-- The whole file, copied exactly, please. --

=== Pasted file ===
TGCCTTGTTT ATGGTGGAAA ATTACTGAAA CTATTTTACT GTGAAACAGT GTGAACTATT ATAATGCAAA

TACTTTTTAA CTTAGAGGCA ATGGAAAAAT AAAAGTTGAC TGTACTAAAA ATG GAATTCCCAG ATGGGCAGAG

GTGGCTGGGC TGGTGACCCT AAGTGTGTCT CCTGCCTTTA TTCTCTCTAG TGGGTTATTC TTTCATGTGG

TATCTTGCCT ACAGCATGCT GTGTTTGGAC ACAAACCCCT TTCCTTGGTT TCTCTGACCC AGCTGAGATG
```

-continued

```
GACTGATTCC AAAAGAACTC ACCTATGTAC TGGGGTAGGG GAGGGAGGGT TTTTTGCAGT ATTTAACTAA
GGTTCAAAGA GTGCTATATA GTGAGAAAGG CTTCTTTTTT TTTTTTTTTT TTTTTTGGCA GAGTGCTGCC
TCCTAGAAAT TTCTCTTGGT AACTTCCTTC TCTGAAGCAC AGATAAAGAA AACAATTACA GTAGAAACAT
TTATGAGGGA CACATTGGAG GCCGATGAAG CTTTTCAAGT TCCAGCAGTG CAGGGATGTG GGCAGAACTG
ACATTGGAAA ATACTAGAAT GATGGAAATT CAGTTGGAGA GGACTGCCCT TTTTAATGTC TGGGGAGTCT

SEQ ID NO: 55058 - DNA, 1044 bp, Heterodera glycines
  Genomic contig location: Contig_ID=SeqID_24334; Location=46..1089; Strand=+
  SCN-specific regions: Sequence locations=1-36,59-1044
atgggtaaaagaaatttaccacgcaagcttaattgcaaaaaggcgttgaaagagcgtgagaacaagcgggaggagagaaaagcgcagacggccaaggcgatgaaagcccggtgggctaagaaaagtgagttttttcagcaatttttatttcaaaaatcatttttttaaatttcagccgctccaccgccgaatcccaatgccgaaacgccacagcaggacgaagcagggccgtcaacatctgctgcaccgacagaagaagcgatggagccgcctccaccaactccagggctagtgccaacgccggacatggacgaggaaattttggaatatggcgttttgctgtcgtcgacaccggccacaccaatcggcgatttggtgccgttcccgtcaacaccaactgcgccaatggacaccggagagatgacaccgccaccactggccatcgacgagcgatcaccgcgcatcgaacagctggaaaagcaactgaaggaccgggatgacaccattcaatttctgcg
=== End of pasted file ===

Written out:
TGCCTTGTTT ATGGTGGAAA ATTACTGAAA CTATTTTACT GTGAAACAGT GTGAACTATT ATAATGCAAA

TACTTTTTAA CTTAGAGGCA ATGGAAAAAT AAAAGTTGAC TGTACTAAAA ATG GAATTCCCAG ATGGGCAGAG

GTGGCTGGGC TGGTGACCCT AAGTGTGTCT CCTGCCTTTA TTCTCTCTAG TGGGTTATTC TTTCATGTGG

TATCTTGCCT ACAGCATGCT GTGTTTGGAC ACAAACCCCT TTCCTTGGTT TCTCTGACCC AGCTGAGATG
```

-continued

```
GACTGATTCC AAAAGAACTC ACCTATGTAC TGGGGTAGGG GAGGGAGGGT TTTTTGCAGT ATTTAACTAA
GGTTCAAAGA GTGCTATATA GTGAGAAAGG CTTCTTTTTT TTTTTTTTTT TTTTTTGGCA GAGTGCTGCC
TCCTAGAAAT TTCTCTTGGT AACTTCCTTC TCTGAAGCAC AGATAAAGAA AACAATTACA GTAGAAACAT
TTATGAGGGA CACATTGGAG GCCGATGAAG CTTTTCAAGT TCCAGCAGTG CAGGGATGTG GGCAGAACTG
ACATTGGAAA ATACTAGAAT GATGGAAATT CAGTTGGAGA GGACTGCCCT TTTTAATGTC TGGGGAGTCT

SEQ ID NO: 55058 - DNA, 1044 bp, Heterodera glycines
  Genomic contig location: Contig_ID=SeqID_24334; Location=46..1089; Strand=+
  SCN-specific regions: Sequence locations=1-36,59-1044
atgggtaaaagaaatttaccacgcaagcttaattgcaaaaaggcgttgaaagagcgtgagaacaagcgggaggagagaaaagcgcagacggccaaggcgatgaaagcccggtgggctaagaaaagtgagttttttcagcaatttttatttcaaaaatcatttttttaaatttcagccgctccaccgccgaatcccaatgccgaaacgccacagcaggacgaagcagggccgtcaacatctgctgcaccgacagaagaagcgatggagccgcctccaccaactccagggctagtgccaacgccggacatggacgaggaaattttggaatatggcgttttgctgtcgtcgacaccggccacaccaatcggcgatttggtgccgttcccgtcaacaccaactgcgccaatggacaccggagagatgacaccgccaccactggccatcgacgagcgatcaccgcgcatcgaacagctggaaaagcaactgaaggaccgggatgacaccattcaatttctgcg